Using Artificial Intelligence to Reduce Long-Term Care Costs and Improve Patient Outcomes
In assisted living facility reduced transitions to nursing homes, resulting in $400,000 in savings.
The U.S. healthcare system is in crisis. Ten thousand Baby Boomers become eligible for Medicare every day, according to the Pew Research Center. This Silver Tsunami threatens to inundate a healthcare system that is already swamped with high costs and systemic inefficiencies. Not only is the current level of healthcare spending unsustainable (17.8 percent of GDP, as reported by the Centers for Medicare & Medicaid Services), but by 2050, the size of the over-65 population will nearly double, according to U.S. Census Bureau data. In addition, 92 percent of seniors will have at least one chronic condition and 77 percent will have two or more, according to the National Council on Aging.
The combined factors of aging with multiple chronic conditions is forcing us to rethink our healthcare delivery system. One potential solution is the ability to create value in our healthcare delivery by using technology to assist its least tapped resource system: patients and their at-home caregivers.
For the past two years, an innovative assisted living facility (ALF) in Lincoln County, Maine, has attempted to improve the care of its residents by equipping its caregivers with technology that tracks care provided, offers reminders to caregivers, and provides analysis on patients’ health statuses.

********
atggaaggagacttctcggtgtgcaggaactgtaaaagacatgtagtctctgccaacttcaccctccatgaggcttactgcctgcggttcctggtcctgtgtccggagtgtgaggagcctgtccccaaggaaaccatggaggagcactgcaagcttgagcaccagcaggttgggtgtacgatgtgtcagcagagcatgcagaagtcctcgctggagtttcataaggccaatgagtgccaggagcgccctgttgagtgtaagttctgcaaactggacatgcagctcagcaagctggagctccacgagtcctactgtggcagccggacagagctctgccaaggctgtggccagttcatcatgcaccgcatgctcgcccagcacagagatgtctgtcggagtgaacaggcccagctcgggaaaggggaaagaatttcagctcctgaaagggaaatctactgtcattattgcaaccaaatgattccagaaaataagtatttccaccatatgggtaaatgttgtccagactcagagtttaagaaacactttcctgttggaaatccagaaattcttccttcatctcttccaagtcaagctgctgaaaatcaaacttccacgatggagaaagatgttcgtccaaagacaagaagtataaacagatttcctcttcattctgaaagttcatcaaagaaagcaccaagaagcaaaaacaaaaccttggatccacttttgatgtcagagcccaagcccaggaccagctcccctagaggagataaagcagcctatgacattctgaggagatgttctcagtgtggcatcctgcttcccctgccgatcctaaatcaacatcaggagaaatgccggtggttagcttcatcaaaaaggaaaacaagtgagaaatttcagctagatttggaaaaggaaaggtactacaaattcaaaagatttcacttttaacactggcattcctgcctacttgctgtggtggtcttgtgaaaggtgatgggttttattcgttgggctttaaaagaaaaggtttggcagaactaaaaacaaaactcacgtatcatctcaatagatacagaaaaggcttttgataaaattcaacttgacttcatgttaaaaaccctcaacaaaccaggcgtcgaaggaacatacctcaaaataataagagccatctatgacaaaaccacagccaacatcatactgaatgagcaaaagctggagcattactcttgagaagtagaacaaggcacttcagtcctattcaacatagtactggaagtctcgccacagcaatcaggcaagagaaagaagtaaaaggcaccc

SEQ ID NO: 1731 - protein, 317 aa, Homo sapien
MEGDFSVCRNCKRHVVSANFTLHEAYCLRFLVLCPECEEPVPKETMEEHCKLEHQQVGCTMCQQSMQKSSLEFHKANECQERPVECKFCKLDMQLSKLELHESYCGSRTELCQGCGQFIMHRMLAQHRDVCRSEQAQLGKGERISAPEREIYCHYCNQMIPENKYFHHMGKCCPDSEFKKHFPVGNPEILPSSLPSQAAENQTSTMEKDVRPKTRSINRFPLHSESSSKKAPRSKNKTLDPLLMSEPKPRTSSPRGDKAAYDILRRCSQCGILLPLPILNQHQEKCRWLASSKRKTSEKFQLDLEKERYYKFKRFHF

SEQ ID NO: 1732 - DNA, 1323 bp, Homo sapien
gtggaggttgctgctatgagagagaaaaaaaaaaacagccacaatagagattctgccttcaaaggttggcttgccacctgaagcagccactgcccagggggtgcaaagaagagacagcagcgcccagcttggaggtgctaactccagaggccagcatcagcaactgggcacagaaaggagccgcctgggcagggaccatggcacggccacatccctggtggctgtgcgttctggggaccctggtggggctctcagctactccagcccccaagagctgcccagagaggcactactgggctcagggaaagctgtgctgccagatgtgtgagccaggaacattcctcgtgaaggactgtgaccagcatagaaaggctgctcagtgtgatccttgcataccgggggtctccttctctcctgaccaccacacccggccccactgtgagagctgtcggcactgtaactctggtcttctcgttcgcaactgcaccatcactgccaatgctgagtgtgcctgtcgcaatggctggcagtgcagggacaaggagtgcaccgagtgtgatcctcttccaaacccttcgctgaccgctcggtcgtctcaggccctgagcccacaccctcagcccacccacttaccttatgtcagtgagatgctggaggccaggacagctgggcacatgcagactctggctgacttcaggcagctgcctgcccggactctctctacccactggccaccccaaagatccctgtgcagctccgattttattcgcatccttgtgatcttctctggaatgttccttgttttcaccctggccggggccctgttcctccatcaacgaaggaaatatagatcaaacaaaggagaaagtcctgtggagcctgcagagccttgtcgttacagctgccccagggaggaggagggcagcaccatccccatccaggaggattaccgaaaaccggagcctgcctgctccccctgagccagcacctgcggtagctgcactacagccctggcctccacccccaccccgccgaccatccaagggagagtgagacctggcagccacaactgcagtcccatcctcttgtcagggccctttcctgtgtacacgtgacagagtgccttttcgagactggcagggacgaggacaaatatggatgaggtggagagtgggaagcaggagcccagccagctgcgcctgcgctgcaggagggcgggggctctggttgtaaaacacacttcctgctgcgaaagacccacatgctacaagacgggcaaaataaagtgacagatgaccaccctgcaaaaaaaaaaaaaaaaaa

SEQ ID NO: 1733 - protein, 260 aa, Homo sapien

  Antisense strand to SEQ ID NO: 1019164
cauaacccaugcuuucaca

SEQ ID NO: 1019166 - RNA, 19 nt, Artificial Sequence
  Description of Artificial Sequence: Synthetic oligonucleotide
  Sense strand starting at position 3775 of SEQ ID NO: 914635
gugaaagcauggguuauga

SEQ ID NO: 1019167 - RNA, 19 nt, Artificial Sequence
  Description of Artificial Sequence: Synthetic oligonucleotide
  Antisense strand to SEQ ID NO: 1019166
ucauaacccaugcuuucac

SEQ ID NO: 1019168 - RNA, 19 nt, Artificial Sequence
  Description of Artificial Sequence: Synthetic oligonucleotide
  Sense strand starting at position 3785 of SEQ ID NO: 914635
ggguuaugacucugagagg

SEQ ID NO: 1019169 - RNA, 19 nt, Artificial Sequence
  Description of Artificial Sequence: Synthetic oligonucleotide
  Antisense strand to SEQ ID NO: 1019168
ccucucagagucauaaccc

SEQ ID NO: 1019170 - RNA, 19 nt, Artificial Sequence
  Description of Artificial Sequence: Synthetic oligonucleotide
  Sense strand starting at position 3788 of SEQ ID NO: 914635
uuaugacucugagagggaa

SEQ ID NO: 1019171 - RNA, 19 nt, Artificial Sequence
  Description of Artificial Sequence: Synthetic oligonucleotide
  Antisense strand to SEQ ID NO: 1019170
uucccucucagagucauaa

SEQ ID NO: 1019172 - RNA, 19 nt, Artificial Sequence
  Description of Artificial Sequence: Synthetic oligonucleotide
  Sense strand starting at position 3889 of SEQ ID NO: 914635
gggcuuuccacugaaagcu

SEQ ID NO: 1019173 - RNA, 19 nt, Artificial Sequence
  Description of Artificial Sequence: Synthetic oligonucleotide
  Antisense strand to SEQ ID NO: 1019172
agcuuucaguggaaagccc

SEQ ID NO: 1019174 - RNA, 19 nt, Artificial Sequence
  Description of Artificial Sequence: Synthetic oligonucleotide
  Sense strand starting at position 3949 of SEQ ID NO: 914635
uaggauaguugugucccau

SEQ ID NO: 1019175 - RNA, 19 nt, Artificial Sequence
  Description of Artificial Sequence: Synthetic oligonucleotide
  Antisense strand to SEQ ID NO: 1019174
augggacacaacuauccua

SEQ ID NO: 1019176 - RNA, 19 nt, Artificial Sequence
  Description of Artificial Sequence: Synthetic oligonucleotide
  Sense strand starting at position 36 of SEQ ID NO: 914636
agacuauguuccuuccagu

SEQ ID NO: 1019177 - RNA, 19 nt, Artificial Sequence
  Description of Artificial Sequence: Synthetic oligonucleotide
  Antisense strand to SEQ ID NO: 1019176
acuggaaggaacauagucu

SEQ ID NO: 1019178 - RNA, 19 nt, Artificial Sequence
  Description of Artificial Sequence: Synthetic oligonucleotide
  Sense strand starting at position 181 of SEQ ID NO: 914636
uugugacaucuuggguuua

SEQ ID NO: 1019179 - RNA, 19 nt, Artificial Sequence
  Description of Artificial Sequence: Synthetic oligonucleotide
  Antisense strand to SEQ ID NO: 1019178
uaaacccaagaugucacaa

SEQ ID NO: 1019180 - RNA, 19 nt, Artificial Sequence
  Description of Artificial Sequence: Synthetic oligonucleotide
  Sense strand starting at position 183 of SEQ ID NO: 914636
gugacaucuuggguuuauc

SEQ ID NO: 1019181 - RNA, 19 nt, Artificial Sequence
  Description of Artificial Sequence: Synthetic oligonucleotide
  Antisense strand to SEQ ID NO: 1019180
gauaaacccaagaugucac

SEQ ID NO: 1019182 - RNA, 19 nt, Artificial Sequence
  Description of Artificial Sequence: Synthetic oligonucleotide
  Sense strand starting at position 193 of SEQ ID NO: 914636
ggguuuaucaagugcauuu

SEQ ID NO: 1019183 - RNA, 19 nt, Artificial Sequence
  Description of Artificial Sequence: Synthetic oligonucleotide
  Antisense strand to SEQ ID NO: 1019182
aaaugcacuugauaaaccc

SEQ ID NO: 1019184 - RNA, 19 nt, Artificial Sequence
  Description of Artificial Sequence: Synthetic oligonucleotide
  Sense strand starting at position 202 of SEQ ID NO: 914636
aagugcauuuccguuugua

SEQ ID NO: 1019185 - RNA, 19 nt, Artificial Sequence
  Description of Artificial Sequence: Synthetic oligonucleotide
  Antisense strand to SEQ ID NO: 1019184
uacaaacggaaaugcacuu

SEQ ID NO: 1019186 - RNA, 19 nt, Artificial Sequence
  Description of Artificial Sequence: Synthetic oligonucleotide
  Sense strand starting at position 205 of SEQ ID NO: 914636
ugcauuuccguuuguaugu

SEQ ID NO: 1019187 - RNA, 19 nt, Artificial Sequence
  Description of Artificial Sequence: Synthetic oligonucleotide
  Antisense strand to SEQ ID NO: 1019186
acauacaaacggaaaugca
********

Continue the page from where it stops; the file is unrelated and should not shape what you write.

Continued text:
The technology contributes to improved care and fewer residents transitioning to higher-cost long-term care facilities: The net savings from aging in an ALF versus a nursing home is approximately $50,000 per year.
Challenges Posed by an Aging Population
Maine has the oldest population of any state in the country with a median age of 44.6 years, and as one of the oldest counties in the state, Lincoln County is especially threatened by rising healthcare demands, according to the Census Bureau.
With a growing aging population that is living longer and a declining workforce, additional burden will be placed on caregivers to support the 70 percent of Lincoln County’s senior population who are expected to need long-term services and support, according to data from the Office of Aging and Disability Services, Maine Department of Health and Human Services.
To address its long-term services and support needs, Lincoln County relies on private non-medical institutes and adult family care homes such as ALFs. ALFs provide housing and support services to residents who can no longer live independently but do not require specialized medical services that would be provided in a nursing home.